Stanford Breakfast: Creating Winning Social Media Strategies


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Presentation by Charlene Li at the Stanford Breakfast Briefing Series, Wednesday, September 9, 2009

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  • Engaging a community has typically meant creating and polishing a message that will result in an action. And you push, nay, SHOUT it out. And if they didn’t hear it and act on it the first time, you shout it again, with greater frequency and greater reach. Worst of all, you can’t see the people behind these messages. It’s been so crafted and controlled, that the people are beaten out of them. Worse, when they are shouting they can’t listen. Here’s an example.
  • He’s a musician, Canadian from Halifax, and generally, a pretty reasonable and nice guy. After a year, he was fed up. So what does a rational musician do? Write a song about it. And make a video of it.
  • Dave Carroll from Halifax had his guitars damaged on a flight from Halifax to Chicago.United lost control of this situation.
  • When you think of social technologies, you often think about these buzzwords. But that’s not what is important. What is important is relationships and the connections that are made with them. But there’s an upside, if you know how to tap into the power of the Groundswell. Here’s the secret. It’s about the relationships
  • The key is to focus on the relationships and connections that are enabled, not the technologies. Think about the kind of relationship that you want. Do you want it to be short term and transaction, or long-term and intimate?To help you think about this, I have a simple idea.
  • Question: get at the central questions that drive your members and communities. Pay attention not only to what they blog about, but what they react to, and what that tells you about their priorities. It’s not enough to just listen. How will you create a learning organization?
  • Source: Screenshot taken from demonstration
  • Hp
  • Comcast is a cable provider in the US, and they have a reputation for poor service. They use Twitter to talk with people who are having problems. I used this site and Frank took great care of me. He is changing the face of Comcast, one tweet at a time.
  • Starbucks has a site where people can make suggestions on how they should improve. The key difference is that the suggestions are public, and people can vote for their favorite suggestions. Here’s an example of automatic ordering. Note that there is a status update here “Under Review”.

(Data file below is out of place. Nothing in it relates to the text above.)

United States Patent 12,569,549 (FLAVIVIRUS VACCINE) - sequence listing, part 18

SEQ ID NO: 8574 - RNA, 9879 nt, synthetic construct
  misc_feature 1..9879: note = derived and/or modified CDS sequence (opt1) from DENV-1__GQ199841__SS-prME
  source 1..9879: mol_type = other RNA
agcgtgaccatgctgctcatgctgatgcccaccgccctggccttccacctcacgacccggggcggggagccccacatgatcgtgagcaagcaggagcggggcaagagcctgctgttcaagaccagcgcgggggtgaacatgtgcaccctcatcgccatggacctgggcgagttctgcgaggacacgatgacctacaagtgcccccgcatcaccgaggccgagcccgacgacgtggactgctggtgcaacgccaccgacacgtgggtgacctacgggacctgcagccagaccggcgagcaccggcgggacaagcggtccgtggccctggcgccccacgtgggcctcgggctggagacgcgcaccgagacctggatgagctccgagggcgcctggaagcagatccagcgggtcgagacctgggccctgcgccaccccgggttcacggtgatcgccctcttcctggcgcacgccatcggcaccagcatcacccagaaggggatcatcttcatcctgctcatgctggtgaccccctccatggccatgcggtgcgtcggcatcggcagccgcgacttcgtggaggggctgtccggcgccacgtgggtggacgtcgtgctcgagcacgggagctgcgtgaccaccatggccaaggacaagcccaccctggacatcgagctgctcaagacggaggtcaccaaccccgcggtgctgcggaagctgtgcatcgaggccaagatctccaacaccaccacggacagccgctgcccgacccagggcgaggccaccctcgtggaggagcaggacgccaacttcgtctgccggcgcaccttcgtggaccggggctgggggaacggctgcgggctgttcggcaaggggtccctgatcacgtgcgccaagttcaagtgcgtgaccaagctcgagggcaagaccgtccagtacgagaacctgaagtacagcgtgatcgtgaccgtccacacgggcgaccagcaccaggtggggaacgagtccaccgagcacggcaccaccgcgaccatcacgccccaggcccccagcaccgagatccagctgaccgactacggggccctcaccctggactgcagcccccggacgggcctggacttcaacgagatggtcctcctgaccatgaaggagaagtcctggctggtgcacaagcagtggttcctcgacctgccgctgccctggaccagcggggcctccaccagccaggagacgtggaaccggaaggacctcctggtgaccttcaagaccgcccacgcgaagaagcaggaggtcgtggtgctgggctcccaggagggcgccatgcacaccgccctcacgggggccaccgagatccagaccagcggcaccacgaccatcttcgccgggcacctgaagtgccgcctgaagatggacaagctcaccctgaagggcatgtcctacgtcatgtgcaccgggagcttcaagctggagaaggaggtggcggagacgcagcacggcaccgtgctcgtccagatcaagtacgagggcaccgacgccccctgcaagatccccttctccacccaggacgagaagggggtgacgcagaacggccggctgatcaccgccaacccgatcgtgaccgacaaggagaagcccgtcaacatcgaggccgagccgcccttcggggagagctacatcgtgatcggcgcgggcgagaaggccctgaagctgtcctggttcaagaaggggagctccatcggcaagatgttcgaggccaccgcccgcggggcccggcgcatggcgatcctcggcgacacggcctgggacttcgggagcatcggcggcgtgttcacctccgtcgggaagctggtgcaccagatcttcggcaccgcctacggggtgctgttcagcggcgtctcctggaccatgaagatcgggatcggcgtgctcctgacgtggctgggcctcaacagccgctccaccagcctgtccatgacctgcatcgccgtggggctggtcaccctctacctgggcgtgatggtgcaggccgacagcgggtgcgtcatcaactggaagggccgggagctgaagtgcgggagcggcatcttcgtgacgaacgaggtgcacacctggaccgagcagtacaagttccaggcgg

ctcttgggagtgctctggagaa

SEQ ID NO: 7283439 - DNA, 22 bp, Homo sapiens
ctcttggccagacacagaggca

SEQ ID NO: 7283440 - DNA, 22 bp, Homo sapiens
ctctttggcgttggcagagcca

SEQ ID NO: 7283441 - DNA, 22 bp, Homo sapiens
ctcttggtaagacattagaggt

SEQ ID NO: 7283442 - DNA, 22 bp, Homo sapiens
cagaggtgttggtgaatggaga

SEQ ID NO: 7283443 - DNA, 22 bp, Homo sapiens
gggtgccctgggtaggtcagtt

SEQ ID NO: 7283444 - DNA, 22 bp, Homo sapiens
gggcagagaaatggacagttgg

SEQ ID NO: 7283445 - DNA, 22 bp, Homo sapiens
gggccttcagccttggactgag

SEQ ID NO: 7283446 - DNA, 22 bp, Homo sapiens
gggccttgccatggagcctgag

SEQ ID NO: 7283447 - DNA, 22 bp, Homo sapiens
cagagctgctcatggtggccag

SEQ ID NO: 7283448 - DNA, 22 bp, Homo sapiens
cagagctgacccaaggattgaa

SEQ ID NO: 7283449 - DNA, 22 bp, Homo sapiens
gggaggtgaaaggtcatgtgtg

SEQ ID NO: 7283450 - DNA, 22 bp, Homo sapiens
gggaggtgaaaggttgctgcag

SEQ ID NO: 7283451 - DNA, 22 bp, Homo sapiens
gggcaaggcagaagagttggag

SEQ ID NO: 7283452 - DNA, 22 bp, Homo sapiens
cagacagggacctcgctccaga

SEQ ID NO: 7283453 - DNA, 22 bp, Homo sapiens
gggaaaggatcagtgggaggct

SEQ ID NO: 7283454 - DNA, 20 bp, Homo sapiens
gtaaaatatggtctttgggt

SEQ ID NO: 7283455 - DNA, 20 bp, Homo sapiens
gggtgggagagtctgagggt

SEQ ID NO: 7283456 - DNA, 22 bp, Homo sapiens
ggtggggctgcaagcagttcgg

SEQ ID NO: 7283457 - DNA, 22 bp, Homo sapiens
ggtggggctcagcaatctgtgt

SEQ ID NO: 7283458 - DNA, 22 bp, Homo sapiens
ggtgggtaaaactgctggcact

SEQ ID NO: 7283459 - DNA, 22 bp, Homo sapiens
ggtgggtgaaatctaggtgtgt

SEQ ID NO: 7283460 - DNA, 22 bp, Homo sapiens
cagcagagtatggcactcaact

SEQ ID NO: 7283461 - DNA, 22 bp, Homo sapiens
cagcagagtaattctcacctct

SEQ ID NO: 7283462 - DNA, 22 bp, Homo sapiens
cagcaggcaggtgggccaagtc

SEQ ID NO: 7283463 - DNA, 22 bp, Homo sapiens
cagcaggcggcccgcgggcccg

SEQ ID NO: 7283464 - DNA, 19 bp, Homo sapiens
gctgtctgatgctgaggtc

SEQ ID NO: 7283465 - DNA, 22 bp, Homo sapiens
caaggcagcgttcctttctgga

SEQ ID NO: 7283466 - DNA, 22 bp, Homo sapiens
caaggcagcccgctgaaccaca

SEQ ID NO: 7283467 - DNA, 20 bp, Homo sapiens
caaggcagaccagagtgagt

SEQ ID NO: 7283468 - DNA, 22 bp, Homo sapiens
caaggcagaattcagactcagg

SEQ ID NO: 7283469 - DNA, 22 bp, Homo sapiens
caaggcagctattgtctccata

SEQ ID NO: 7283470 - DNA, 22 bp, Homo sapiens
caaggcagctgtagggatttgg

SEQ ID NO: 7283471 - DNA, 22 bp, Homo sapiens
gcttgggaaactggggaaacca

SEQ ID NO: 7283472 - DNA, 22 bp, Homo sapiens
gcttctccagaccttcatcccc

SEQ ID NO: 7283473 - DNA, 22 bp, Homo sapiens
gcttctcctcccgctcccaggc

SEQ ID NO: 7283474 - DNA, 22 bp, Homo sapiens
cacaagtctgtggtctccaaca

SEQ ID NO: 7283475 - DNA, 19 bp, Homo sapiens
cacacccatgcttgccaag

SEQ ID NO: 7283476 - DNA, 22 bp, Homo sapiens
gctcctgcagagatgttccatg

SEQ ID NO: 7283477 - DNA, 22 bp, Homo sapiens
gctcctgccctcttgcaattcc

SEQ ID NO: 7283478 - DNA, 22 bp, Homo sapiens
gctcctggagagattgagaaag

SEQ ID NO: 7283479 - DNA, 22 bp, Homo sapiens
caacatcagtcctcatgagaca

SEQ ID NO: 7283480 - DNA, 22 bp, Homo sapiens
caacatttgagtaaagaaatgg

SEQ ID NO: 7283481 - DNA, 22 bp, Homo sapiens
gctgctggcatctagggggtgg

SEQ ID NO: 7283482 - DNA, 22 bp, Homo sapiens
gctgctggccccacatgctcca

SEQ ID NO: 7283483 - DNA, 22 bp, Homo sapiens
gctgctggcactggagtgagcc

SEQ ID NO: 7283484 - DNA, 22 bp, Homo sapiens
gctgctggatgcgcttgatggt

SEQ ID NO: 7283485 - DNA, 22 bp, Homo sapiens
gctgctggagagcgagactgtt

• Stanford Breakfast: Creating Winning Social Media Strategies

    1. Creating Winning Social Media Strategies<br />Charlene Li<br />Altimeter Group<br />September 9, 2009<br />For a copy of slides, send an email to<br />
    2. What engagement often looks like today<br />2<br />
    3. Meet Dave Carroll<br />Source:<br />
    4. Welcome to the Groundswell<br />5<br />When people get what they need from each other<br />A power shift, catalyzed by social technologies<br />
    5. Technologies can be confusing<br />Source:<br />
    6. It’s about the relationship<br />
    7. Focus on relationships, not technologies<br />What kind of relationship do you want?<br />Transactional<br />Occasional<br />Impersonal<br />Short-term<br />Passionate<br />Constant<br />Intimate<br />Loyal<br />
    8. Goals define your strategy<br />
    9. Always start with Learn<br />
    10. Learn with monitoring tools<br />
    11. Radian6 enables learning organizations<br />
    12. How Oracle encouraged feedback<br />13<br />
    13. Dialog with your community<br />
    14. The Engagement Pyramid<br />
    15. HP actively encourages sharing<br />
    16. At Southwest, a planner talks<br />Post received 98 comments over 10 days<br />In the future, everyone is a marketer<br />
    17. Driving sales with Twitter<br />
    18. Help your members support each other<br />
    19. Comcast provides support via Twitter<br />
    20. Goals define your strategy<br />
    21. Starbucks innovates across the organization<br />
    22. Getting started<br />What’s stopping you?<br />“We don’t have the time, money, or people.”<br />“People will abuse it.”<br />“Our boards/volunteers are short-term focused.”<br />“IT/Legal won’t let us.”<br />“I’m afraid of losing control.”<br />
    23. #1 Start small, start now<br />Audience<br />Goal<br />Revolutionary<br />
    24. Deal with different mindsets<br />Find the “moments of truth” and “moments of crisis” for each mindset<br />
    25. Wal-mart failed many, many times before they figured it out<br />
    26. #2 Measure the right things<br />Your goals determine your metrics<br />Use the same metrics as your strategic goals<br />
    27. Example “micro” metrics<br />
    28. Higher order metrics to consider<br />Net Promoter Score<br />How likely are you to recommend this to someone you know?<br />Lifetime Value<br />Lifetime revenue<br />Cost of acquisition<br />Cost of retention<br />Customer referral value (CRV)<br />
    29. #3 Give up the need to be in control<br />Photo: Kantor,<br />
    30. Deciding how open to be<br />31<br />
    31. How to give up control and be in command<br />The Sandbox Covenant<br />
    32. The Red Cross handbook/policies help keep order<br /><br />
    33. Summary<br />Focus on the relationships, not the technologies<br />Start by learning from the conversations<br />Prepare to let go …<br />… of the control you never had<br />
    34. Thank You<br />Charlene LiAltimeter Group<br /><br /><br />Twitter: @charleneli<br />For slides, send an email to<br /><br />35<br />Copyright © 2009 Altimeter Group<br />